Go back to article: Information age? The challenges of displaying information and communication technologies

Storytelling in the information age

To enable visitors to engage in the elusive idea of information, and the form of an information age, we chose to take an interpretation approach based on multiple narratives. Rather than attempting to provide a grand narrative addressing the question of ‘Are we living in an information age?’, or presenting a single viewpoint on the changing nature of our capitalist society, we identified a series of historical moments that could each provide a lens on the socio-cultural history of the technology. We chose these moments to show how new forms of information and communication technologies had shaped new structures, such as industry, entertainment and employment, whilst reinforcing existing ones.

Figure 2

Simple gallery plan if the Information Age exhibition

Map of the Information Age gallery, showing the six networks, 2014

Dividing the gallery into six ‘networks’ (of people, places and ideas, as much as technologies), we chose transforming events or moments in history where social and economic change was as evident as any major developments in technology. In this way the Information Age gallery is first and foremost a human history, told through the stories of the ambitious Victorians who wrapped a cable across the world, the BBC producers who hoped to bring the world together using satellite technology, or the Cambridge entrepreneurs who stumbled across a low-powered microprocessor that would fuel the development of the smart phone.

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Colour photograph of a section of the Information Age gallery showing a constellation display a public telephone box and an aerial walkway which runs around the perimeter of the exhibition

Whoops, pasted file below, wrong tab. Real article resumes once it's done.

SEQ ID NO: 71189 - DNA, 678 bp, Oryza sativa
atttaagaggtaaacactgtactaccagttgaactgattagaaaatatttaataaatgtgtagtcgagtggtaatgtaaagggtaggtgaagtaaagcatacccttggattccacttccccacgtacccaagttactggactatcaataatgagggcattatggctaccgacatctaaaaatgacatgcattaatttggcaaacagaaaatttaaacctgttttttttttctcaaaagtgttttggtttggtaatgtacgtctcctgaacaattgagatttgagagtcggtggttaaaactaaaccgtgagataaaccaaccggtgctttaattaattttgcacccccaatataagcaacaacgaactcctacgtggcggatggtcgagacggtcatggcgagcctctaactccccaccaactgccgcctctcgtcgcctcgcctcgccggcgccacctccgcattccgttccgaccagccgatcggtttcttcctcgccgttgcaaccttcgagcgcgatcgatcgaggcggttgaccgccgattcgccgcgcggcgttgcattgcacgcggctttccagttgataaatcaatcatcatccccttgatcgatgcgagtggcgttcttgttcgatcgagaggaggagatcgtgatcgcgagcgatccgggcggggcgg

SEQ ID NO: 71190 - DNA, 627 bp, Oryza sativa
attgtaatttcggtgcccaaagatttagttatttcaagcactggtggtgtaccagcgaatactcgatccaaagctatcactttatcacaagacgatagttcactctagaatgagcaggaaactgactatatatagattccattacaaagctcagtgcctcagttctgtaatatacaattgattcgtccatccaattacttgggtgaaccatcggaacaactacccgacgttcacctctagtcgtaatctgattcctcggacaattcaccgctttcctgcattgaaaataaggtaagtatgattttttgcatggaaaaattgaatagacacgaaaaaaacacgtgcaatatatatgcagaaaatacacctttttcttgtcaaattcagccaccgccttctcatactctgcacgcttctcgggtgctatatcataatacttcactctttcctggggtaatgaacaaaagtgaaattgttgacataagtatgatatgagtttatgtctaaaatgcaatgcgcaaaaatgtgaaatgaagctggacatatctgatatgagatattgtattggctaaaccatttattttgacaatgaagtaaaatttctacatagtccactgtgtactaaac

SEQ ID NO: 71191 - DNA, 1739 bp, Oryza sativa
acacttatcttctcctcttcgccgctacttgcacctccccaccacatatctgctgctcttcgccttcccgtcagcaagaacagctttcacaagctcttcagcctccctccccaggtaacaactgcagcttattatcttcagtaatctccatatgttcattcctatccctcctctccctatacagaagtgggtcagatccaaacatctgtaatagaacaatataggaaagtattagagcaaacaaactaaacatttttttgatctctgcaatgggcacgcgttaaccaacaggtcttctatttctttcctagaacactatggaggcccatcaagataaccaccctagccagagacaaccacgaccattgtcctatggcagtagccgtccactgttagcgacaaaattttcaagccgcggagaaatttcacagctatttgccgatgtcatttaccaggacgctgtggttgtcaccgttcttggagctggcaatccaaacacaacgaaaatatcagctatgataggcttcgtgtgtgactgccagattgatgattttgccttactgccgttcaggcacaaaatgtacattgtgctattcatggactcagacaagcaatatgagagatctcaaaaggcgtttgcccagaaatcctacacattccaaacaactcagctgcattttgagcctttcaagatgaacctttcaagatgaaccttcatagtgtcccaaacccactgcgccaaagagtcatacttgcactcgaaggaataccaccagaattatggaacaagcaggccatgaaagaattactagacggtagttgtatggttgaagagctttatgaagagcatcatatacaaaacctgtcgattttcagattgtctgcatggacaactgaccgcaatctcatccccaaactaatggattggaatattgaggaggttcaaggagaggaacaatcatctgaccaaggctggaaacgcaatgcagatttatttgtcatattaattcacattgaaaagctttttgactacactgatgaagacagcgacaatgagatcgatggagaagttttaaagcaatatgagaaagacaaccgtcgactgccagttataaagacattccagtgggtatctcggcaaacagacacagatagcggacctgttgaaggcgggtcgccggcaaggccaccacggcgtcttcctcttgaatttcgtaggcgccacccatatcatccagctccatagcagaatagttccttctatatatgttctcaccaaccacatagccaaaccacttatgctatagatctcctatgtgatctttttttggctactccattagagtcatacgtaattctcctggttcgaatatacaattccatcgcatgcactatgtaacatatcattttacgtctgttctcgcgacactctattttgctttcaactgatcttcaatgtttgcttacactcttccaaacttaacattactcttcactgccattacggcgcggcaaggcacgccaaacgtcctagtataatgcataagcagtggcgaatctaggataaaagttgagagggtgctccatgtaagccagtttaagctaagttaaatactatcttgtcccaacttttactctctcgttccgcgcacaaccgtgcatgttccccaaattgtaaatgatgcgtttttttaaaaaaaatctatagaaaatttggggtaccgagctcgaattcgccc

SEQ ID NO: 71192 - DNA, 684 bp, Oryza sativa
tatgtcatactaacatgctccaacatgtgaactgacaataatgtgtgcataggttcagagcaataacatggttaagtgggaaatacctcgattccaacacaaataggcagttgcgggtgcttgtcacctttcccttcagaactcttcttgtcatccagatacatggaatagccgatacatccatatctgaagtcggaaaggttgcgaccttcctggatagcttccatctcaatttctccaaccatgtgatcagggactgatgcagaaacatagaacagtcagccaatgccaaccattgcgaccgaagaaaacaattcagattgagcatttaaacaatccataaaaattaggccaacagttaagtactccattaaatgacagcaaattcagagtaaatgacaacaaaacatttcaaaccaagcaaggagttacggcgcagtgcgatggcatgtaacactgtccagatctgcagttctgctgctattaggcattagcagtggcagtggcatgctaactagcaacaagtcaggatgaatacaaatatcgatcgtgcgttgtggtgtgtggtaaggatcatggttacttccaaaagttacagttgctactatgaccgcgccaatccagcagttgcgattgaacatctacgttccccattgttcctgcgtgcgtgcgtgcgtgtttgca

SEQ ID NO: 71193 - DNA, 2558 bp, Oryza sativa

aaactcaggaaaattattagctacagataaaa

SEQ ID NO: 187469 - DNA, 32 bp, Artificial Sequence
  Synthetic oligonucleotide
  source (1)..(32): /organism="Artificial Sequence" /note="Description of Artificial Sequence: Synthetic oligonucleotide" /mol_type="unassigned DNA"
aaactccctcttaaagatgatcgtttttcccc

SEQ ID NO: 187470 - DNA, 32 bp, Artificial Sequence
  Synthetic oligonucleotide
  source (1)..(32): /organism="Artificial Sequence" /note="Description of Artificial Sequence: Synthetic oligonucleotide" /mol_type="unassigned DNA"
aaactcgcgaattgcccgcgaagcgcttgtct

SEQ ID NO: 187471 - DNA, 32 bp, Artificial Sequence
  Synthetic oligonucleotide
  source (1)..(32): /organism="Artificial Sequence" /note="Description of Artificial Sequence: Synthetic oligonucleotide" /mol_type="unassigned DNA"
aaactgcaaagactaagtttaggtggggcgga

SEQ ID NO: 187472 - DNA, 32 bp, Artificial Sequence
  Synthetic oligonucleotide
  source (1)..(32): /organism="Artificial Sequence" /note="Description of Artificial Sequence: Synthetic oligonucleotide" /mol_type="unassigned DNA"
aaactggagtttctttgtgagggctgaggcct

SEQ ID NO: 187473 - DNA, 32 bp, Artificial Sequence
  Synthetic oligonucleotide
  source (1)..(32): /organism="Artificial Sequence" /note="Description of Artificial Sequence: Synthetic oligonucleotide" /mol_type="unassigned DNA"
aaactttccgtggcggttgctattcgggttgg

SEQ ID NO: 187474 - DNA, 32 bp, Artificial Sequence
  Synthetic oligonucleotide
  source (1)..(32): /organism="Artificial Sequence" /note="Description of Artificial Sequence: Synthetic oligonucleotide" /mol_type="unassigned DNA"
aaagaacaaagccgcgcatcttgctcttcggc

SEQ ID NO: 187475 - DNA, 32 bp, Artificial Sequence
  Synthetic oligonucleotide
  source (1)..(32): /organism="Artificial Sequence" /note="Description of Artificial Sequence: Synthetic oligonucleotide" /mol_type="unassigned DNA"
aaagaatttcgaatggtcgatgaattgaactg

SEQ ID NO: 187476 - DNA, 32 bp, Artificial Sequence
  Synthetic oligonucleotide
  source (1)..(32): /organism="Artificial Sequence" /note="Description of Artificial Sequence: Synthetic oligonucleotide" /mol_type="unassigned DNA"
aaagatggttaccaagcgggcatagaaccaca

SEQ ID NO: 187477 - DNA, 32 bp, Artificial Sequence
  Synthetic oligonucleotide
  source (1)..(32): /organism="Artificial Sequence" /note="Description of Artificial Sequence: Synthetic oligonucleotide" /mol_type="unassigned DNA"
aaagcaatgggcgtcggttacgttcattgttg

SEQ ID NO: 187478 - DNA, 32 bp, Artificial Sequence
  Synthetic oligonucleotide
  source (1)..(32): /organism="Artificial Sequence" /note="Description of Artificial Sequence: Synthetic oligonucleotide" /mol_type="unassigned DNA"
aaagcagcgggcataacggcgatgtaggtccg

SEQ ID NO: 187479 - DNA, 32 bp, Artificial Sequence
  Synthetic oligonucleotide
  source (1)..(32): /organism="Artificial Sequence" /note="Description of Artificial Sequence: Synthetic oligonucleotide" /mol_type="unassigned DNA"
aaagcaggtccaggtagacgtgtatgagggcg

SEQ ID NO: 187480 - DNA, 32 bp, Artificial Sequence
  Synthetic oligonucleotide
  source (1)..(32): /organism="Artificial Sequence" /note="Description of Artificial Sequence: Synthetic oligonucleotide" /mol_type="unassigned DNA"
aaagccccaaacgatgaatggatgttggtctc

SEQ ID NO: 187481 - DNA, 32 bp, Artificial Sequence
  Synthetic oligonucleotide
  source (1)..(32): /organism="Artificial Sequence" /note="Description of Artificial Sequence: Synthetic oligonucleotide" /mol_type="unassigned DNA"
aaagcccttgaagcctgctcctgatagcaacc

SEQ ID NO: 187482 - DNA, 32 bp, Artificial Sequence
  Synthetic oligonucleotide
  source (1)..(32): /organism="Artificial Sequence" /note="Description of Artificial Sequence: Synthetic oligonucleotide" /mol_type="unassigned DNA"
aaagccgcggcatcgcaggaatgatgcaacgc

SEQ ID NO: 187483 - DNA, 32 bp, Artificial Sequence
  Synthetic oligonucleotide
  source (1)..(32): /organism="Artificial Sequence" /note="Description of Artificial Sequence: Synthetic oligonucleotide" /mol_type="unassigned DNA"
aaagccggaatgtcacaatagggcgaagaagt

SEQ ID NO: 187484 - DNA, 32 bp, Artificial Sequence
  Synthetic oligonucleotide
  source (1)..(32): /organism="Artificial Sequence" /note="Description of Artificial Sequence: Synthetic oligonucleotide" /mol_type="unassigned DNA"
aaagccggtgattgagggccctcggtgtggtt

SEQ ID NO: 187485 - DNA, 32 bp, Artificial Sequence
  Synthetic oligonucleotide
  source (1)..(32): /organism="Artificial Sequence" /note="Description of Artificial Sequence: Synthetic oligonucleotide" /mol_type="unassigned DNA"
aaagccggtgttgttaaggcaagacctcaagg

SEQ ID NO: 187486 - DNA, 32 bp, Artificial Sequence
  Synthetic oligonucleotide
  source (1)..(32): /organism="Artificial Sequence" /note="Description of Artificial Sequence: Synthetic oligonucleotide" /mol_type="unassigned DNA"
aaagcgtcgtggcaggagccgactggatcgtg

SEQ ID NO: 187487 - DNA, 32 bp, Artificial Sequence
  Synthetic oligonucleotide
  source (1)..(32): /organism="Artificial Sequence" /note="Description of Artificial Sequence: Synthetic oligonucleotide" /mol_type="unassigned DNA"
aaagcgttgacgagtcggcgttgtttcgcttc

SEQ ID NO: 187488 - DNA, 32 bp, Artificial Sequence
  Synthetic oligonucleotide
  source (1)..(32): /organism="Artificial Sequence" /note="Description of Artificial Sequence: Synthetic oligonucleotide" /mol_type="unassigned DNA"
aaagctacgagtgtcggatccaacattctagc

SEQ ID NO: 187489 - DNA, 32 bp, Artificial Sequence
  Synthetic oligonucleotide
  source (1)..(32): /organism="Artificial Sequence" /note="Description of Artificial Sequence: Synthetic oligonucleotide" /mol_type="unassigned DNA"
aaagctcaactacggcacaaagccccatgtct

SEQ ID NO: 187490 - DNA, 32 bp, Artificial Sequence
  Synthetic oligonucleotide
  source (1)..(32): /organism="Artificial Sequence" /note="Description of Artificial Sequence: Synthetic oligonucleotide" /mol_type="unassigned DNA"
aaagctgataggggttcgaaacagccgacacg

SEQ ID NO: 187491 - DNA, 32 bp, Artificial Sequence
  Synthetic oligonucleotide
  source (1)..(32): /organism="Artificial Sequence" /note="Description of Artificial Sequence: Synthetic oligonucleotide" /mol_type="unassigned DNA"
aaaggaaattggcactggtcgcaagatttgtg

A view of The Constellation and The Exchange Storyboxes in the Science Museum’s Information Age gallery, 2014

In each network we identified three or four stories, making a total of 21 across the gallery. Through each story, we explore the ability of technology to shape, transform and solidify existing social relations and power structures. One example, showing the multiple ways technology and society are co-constructed, is the story of the development of the manual telephone exchange. This provided a new generation of women with an opportunity for employment which they were previously distant from, but it also maintained a hierarchy between the switchboard operators and their supervisors that enforced strict rules about gossip and etiquette on the telephone.[1] Through oral histories and the display of our CB1 manual telephone exchange from 1922, we illuminated the skills that these women developed operating complex technical machines. As well as the experience of operators working in an exchange, the gallery also explores the implications of the introduction of the later Strowger equipment, where the development of faster technology made a largely female workforce redundant in the drive for modernisation. The idea was that through such stories we would show not only moments of ‘new’ technology and rapid change, but also how slow and personal such transformations could be. The Strowger telephone exchange was first patented in 1891, yet the last manual telephone exchange was operated in Britain until 1976.

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Colour photograph from a high elevation of an old genuine manual telephone exchange desk and two visitors using the adjacent switchboard demonstration console

An interactive on the Information Age gallery invites visitors to experience life working as a telephonist on a manual telephone exchange

Component DOI: http://dx.doi.org/10.15180/150303/002